Old Louisville burger hop

The only remaining location of a once thriving chain, Ollie’s Trolley is always crowded come lunchtime. LEO Photo by Ben Schneider.

LEO’s Eats with guest writer Dan Thomas
(Ollie’s Trolley; Dizzy Whizz; Granville Inn, and Wagner’s Pharmacy)

The humble burger: It’s a mainstay of the American diet. Most people appreciate a great burger. So where can you go to get something better than the normal fast food offerings from Rally McHardee King and the rest of their brethren? What are the “destination” places that we will go out of our way to, just to get a burger fix we can’t get anywhere else?

Louisville does have independent burger joints still hanging on and doing what they do best. Several are located in and around Old Louisville. What makes these places so good? How do they compare with each other?

I wanted to check this out for myself. So I went on an Old Louisville “Burger Hop.”

First stop: Ollie’s Trolley (978 S. Third St., 583-5214), on the corner of Third and Kentucky.

The only remaining location of a once thriving chain, Ollie’s Trolley is always crowded come lunchtime. It offers only carryout – and I have closets bigger than the ordering area. It helps to know the routine here. Stand in line and make your decision quickly! They also only accept cash – so plan accordingly.

I chose the “Ollieburger,” which promised a 1/3-pound burger cooked in “seasonings,” accompanied with “Olliesauce.”

I ordered mine dressed with cheese. It came with a couple of leaves of iceberg lettuce, tomato slice, dill pickles, white onion rings, mozzarella cheese and a healthy dose of the ubiquitous Olliesauce.

I got an extra order of the sauce on the side, just to see if I could figure out what it really is. It appears to be either mayonnaise and ketchup mixed together or Thousand Island dressing with the addition of that blend of “seasonings.” Either way, it’s addictive and makes for a darn tasty burger.

The burger itself was flat-grilled, well-seasoned and not too greasy. It seemed closer to a half-pound of meat. My only real complaint was that it could have used a bigger bun, as it made for quite a sloppy meal.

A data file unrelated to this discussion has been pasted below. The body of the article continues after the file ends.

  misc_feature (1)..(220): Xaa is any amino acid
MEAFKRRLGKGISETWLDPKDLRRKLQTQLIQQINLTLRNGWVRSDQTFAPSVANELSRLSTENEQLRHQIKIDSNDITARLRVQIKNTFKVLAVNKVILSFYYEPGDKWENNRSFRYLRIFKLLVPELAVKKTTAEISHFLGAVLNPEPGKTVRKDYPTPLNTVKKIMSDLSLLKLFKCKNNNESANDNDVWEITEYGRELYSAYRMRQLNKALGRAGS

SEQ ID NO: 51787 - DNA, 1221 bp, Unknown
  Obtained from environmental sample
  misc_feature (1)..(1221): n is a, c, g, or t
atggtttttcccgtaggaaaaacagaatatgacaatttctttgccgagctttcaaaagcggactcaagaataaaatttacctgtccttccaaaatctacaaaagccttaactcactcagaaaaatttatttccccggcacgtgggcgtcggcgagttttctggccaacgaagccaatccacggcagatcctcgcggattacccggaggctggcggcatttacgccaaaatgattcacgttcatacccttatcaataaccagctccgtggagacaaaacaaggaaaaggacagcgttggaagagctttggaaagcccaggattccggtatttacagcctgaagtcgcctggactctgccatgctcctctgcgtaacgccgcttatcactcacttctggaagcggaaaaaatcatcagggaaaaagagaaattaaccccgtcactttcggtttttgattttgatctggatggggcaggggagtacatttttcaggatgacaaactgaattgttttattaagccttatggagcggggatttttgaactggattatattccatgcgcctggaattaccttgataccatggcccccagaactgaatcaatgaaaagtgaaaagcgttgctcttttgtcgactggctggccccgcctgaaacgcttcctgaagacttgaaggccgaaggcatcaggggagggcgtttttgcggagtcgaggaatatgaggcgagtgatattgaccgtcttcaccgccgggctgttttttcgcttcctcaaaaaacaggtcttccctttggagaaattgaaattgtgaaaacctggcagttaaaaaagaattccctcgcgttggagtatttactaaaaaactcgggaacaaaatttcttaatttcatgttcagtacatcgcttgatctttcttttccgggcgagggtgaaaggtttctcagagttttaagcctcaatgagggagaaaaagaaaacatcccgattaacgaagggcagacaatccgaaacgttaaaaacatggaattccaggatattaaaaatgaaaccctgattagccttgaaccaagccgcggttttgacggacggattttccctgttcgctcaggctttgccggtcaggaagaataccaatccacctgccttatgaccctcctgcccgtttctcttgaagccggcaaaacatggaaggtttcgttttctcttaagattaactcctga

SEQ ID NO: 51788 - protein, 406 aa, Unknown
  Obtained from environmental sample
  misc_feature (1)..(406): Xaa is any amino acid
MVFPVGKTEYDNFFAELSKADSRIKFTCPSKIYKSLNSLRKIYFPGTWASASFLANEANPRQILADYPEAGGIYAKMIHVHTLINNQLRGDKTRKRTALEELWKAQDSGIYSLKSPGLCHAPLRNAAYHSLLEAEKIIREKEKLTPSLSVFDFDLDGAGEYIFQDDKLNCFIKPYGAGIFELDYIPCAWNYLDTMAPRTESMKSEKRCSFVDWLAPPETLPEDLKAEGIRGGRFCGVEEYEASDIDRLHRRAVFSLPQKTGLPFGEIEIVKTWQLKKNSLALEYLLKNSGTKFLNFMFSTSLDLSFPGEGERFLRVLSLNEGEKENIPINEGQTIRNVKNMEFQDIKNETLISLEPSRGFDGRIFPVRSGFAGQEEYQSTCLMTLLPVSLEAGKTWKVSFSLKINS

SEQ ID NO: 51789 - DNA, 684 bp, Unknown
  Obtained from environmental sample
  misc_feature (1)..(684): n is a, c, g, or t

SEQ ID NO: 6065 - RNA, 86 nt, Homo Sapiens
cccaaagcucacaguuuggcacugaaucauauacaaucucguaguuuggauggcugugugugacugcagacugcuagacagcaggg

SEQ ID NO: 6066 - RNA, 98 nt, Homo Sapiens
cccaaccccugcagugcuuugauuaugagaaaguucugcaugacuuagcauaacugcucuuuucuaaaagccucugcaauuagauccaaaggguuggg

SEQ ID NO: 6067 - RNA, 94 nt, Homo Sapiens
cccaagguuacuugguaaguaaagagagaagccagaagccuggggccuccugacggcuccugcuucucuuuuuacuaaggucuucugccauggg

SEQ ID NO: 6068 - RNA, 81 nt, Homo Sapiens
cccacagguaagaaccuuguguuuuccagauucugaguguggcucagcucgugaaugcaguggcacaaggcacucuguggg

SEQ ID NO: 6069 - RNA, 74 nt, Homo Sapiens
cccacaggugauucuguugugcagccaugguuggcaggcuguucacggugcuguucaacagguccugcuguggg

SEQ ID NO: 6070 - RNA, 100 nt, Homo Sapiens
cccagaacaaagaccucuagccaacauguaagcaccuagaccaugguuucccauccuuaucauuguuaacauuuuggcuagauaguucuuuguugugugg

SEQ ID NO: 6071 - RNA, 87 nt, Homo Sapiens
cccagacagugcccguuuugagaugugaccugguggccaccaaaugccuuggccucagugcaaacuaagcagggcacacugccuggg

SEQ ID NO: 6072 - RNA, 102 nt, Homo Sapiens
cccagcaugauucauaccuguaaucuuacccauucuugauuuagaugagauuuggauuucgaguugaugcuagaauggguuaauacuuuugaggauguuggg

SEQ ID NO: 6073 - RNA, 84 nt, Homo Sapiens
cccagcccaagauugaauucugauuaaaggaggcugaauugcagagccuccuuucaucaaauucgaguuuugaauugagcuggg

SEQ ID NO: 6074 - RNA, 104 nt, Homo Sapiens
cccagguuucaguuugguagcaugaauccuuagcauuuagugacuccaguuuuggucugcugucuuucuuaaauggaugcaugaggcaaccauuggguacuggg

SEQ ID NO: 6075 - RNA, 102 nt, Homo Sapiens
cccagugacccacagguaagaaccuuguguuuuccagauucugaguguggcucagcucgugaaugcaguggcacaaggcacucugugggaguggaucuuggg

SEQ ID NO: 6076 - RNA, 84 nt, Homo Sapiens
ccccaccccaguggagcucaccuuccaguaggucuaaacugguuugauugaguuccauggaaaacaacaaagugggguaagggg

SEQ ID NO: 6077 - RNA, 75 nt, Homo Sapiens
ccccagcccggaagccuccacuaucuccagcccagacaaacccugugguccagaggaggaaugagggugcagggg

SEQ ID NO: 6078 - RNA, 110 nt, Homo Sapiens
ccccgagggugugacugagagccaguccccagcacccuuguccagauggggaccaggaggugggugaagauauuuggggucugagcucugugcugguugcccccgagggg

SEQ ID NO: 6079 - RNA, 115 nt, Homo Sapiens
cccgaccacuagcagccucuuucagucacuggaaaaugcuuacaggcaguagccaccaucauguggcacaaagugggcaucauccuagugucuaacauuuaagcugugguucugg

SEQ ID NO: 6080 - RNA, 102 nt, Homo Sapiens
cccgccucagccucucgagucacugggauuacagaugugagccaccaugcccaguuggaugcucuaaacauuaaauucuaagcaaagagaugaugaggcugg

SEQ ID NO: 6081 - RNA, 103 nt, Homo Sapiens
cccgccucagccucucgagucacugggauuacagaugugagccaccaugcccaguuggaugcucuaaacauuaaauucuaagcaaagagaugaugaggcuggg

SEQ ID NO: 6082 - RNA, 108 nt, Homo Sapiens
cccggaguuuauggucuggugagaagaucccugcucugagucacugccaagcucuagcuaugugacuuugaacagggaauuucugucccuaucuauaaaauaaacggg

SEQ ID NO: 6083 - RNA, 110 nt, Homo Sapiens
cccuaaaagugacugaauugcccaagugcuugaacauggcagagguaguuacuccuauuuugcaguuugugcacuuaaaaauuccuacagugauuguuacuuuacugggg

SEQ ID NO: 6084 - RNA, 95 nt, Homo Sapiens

I also had a side of fries, legendary in their own right due to that blend of seasonings, which are liberally sprinkled.

My total came to $5.46. I could have easily spent as much at any fast-food burger place and been nowhere as satisfied and pleased.

Right around the corner is another Louisville favorite, in operation since 1947: Dizzy Whizz (217 W. St. Catherine St., 583-3828). At any given time of day, you’ll likely find an interesting cast of characters patronizing the place.

Dizzy Whizz offers a wide variety of menu options including breakfast anytime, but the main draw is the “Whizzburger.”

At the counter, I ordered a regular Whizzburger (a half-pound version is also available). Two smallish flat-grilled patties (they appeared to be what we in the biz call a 10 to 1 size, 10 patties to a pound) came on a toasted double-decker bun with one slice of American cheese, a generous amount of shredded lettuce and a zippy dill tartar sauce.

This sloppy burger was just OK. The meat seemed overcooked to the point of almost being crunchy. If you are familiar with the Frisch’s Big Boy, this is a reasonable facsimile. My total came to $2.86, but I think I would have preferred the Big Boy.

Moving south down Third Street, I would be remiss if I didn’t mention Granville Inn (1601 S. Third St., 635-6475) on the corner of Third and Gaulbert, an Old Louisville institution that also offers up a nice pizza, a stiff cocktail and a great neighborhood “joint” atmosphere, but whose burgers are truly something special.

At lunchtime, I grabbed a seat and was cheerfully and promptly waited on. From a short but nice choice of burger options, I settled on the signature Granville Burger. After a brief wait, I received a massive half-pound burger perfectly cooked to my requested medium. It came on a large toasted sesame seeded bun, fully dressed with fresh red leaf lettuce, tomato, onion, a couple slices of melted American cheese and an ample dose of mayo on the side. A serious portion of well-cooked, crispy crinkle-cut fries came with it.

The patty appeared to be hand-formed and was nicely char-grilled, juicy, with a nice pink center. And the bun did a nice job containing everything without becoming a sloppy mess. This is almost as good as it can get. The only small nit I had to pick is that the meat would have been even more enhanced by a simple dose of salt and pepper before grilling. Otherwise, it was near perfection.

My total with a glass of iced tea came to $7.85.

Still moving south, my last stop was the venerable Wagner’s Pharmacy (3113 S. Fourth St., 375-3800) at the corner of Fourth and Central, across from the Infield Gate to Churchill Downs.

Wagner’s offers great homemade soups and a true lunch counter experience that you have to work to find these days. And you never know who will be eating there: You seriously may run into the likes of D. Wayne Lukas or Bob Baffert enjoying a midday meal.

I grabbed a table and ordered a double cheeseburger fully dressed, with fries and a cup of bean soup. I enjoyed the soup while I had a short wait for my burger.

When it came, it was a behemoth: two perfectly seasoned, seared and juicy quarter-pound flat-grilled patties, crisp iceberg lettuce, tomato, mayo and an alarming amount of melted American cheese on a nicely toast bun. Pure sloppy burger pleasure. I can only imagine that this is what eating a burger in the 1950s must have been like. I mostly ignored the unremarkable limp fries that were not worth ordering. However, that didn’t diminish the fact that Wagner’s serves a fine burger.

My lunch at Wagner’s came to $11.13 with tax. It included a cup of bean soup, double cheeseburger dressed and an order of fries. The ambiance is free.